Archive for Tolkien

The Hobbit (3 hours long and it’s only the start..)

Posted in Books, Kids with tags , , , , on January 5, 2013 by xi'an

On X’mas evening, I went to the movies with both my kids, such a rare event it deserves a special mention! Unsurprisingly, the common denominator for the three of us was The Hobbit (I), on its second week. The small Norman cinema where we went was far from packed, no wonder for a X’mas evening, and it reminded me of the time I took my brother-in-laws to see Time Bandits in the same room, with a crowd close to 12 people total! (Yes, it was a while ago, as Time Bandits came out about 1981…!)

Anyway, we watched the movie together and came out with divided opinions! My daughter liked it, my son thought it was not as good as the Lord of the Rings, not enough fighting maybe?, or simply less convincing orcs, and above all a missing Legolas!, and I considered the whole affair just ridiculous! I had misgivings from the start as Tolkien’s Hobbit is a kids book, which does not make for a proper setting for Jackson’s usually grandiose fantasy operas… It is also a short book and I could not see why it required three movies altogether! Well, I still do not see, except for providing the producers with more revenues. Continue reading

Back from Oxford

Posted in Books, pictures, Statistics, Travel, University life with tags , , , , , , , , , on February 25, 2012 by xi'an

Several interesting questions were raised during my seminar talk at Oxford. First, David Cox suggested I looked at the collection of the two p-values in the Poisson and geometric cases to check whether or not they could point out at a disagreement. (I am however unsure at how the p-values should be computed in this case, maybe as a likelihood-ratio test…) Chris Holmes asked about what happened to the ABC Bayes factor when both models were wrong. I had not thought of this earlier and will look into it: my first impression is that there is no reason for the same model to be chosen. It depends on the relative tail behaviour of the distribution of the summary statistics under both models… Stephen Lauritzen mentioned prior to the seminar a highly relevant book by a Copenhagen mathematician, whose definition of conditional densities was perfectly suited for constructing a convergence proof for ABC (to be incorporated in my Roma slides, if feasible). During the talk, he also pointed out at other (counter)examples of models where sufficient statistics remained sufficient across models: e.g., contingency tables with pairwise interactions. Arnaud Doucet got back to the Potts model (counter)example to stress that we needed perfect sampling to make it work and that our MCMC alternative could be adding another level of approximation to the process, which is quite right!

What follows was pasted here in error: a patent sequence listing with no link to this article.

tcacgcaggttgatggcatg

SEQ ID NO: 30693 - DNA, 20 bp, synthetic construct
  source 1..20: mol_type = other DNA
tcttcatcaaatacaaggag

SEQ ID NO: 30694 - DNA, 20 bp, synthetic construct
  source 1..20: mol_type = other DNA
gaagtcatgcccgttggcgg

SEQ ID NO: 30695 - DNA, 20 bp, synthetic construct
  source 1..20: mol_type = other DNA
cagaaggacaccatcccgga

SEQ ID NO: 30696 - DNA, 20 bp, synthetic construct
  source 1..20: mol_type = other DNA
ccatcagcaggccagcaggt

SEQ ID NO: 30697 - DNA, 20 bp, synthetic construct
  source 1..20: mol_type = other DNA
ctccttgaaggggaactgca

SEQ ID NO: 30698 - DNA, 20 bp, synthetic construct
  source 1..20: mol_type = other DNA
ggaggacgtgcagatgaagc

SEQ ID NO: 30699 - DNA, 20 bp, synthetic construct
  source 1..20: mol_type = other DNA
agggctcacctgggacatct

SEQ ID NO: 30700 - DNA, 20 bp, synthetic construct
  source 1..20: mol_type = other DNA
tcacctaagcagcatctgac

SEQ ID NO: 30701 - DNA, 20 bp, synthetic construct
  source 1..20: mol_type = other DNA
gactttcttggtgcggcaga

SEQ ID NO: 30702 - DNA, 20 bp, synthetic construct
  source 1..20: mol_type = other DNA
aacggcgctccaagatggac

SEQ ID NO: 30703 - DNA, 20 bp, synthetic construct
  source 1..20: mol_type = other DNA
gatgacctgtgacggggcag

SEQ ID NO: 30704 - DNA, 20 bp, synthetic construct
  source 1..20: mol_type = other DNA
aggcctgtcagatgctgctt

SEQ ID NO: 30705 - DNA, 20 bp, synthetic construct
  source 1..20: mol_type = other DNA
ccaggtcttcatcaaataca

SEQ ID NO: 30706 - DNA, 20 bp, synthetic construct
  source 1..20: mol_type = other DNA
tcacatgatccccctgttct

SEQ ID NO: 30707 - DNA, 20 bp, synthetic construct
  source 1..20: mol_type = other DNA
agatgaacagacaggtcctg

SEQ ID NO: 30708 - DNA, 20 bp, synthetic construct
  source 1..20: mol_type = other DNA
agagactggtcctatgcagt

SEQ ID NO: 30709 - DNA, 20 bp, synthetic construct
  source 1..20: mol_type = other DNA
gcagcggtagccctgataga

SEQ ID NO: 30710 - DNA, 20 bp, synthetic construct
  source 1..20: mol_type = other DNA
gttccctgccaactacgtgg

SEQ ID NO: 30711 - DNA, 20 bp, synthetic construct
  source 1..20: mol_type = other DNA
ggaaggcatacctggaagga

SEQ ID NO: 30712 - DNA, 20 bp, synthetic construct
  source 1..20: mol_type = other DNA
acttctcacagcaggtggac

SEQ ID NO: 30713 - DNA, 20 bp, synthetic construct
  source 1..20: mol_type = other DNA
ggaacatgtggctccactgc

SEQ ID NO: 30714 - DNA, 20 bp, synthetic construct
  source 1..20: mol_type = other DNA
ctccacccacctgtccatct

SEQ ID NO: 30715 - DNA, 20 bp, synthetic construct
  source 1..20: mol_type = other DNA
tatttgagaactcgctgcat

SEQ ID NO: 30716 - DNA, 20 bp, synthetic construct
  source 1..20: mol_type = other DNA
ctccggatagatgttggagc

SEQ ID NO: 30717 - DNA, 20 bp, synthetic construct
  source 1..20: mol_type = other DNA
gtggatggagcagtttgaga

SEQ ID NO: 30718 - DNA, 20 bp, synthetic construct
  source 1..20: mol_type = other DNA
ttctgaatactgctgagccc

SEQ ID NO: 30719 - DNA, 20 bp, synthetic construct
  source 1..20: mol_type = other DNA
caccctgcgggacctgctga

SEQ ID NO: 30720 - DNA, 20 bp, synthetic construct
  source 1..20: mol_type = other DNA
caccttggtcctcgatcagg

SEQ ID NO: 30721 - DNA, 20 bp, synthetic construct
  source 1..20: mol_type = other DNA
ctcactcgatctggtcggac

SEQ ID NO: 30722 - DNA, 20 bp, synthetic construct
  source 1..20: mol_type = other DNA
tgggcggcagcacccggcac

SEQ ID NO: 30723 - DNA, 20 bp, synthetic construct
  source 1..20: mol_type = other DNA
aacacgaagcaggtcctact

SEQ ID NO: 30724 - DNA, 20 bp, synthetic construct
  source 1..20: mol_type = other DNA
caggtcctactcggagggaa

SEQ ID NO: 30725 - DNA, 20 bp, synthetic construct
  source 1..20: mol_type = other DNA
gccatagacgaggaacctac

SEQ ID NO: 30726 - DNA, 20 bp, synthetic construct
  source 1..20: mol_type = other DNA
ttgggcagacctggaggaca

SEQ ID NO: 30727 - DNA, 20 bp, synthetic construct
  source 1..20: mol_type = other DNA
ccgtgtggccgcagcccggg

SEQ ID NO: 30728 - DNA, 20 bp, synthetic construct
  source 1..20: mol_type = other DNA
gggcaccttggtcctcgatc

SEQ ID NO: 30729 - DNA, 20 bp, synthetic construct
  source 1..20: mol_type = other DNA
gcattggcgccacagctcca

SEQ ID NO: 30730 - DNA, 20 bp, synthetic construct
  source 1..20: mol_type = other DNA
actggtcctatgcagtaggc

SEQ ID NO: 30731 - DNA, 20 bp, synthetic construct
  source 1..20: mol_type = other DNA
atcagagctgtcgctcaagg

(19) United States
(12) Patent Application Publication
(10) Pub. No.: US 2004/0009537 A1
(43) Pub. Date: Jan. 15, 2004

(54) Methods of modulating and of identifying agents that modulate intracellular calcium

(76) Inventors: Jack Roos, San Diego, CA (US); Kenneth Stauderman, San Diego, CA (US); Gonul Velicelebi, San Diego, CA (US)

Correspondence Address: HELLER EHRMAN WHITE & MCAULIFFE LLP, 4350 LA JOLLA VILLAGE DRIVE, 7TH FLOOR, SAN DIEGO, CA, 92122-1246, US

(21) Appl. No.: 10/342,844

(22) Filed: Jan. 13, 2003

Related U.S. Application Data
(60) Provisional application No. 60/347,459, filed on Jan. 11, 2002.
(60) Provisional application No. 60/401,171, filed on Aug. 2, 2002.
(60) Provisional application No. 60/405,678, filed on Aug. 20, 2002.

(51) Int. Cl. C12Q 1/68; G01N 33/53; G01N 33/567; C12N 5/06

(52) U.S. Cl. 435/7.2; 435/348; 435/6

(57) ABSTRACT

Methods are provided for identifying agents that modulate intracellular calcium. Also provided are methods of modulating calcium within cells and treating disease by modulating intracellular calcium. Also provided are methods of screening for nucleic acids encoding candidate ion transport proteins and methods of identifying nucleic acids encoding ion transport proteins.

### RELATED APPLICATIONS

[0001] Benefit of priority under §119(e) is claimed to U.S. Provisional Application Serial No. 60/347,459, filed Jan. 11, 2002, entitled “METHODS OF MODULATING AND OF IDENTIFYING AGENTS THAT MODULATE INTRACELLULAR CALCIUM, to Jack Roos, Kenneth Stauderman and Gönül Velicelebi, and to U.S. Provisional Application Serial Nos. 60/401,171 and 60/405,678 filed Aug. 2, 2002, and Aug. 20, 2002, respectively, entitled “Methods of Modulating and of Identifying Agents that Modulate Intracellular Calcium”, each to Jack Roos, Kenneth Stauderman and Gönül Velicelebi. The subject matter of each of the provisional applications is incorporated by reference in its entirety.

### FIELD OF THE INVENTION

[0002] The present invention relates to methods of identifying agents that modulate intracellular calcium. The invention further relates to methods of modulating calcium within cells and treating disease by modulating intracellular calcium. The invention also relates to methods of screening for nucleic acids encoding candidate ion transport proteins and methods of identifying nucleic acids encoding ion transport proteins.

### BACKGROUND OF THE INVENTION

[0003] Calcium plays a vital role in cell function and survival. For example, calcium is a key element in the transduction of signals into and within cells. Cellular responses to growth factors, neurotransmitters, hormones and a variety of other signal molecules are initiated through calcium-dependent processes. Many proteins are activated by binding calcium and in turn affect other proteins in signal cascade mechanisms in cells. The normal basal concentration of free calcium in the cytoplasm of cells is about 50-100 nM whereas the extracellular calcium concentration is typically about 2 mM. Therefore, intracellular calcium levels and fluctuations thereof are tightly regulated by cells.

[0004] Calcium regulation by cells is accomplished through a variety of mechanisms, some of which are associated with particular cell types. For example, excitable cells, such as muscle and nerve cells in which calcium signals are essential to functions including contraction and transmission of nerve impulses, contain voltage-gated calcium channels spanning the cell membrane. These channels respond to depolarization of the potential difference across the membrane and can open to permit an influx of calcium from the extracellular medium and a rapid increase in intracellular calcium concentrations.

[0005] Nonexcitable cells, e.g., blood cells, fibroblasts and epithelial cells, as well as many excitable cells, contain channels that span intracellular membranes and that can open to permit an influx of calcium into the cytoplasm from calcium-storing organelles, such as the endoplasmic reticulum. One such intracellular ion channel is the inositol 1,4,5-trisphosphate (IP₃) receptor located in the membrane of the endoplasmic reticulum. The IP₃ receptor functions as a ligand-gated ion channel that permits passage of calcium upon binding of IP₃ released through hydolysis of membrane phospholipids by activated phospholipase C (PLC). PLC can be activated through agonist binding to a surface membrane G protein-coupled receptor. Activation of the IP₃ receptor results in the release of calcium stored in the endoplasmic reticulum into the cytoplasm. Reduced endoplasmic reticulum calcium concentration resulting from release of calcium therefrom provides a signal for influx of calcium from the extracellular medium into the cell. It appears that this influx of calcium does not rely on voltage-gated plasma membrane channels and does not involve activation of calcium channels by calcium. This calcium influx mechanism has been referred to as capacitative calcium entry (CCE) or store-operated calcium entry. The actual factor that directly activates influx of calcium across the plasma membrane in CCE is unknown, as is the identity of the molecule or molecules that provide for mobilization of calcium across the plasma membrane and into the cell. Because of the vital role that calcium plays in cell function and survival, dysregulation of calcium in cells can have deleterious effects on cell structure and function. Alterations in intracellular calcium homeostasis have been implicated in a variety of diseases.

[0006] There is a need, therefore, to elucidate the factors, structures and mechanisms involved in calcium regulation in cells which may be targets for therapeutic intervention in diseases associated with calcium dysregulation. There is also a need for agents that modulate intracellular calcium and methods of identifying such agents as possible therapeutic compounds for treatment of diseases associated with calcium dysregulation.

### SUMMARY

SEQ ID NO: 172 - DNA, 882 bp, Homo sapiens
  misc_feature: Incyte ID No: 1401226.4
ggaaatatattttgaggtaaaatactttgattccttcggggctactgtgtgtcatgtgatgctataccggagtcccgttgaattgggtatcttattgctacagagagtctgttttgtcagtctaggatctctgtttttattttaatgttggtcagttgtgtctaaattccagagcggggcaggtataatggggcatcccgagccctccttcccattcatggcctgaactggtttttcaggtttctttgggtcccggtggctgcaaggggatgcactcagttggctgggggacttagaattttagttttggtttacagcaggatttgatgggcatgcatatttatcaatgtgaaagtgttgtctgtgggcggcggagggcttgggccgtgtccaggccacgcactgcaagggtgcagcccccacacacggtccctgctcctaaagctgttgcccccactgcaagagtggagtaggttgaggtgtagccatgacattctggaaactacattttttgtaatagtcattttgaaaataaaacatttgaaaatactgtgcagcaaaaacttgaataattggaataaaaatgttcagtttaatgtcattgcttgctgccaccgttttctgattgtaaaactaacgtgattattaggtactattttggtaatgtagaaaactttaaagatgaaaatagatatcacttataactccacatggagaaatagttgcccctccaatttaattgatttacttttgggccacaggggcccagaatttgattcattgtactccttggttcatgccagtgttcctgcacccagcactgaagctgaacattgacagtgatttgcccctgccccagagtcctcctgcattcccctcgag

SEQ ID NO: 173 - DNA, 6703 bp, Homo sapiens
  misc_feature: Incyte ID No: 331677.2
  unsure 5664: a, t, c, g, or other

On the less academic side, I was in Oxford only for a short while, being due back in Paris for a presentation of our Statistics Master: I stil managed a short run in the morning in a nearby park where I saw a heron (blurred above!), as well as hints of the coming Spring (left) but I wish I had had more time (and indications!) to run along the rowers as I did in Cambridge. (I also wish I had had time to visit Tolkien’s favourite pub! Although I had a beer at the Lamb and Flag, which served as a meeting place for the later members of the Inklings…)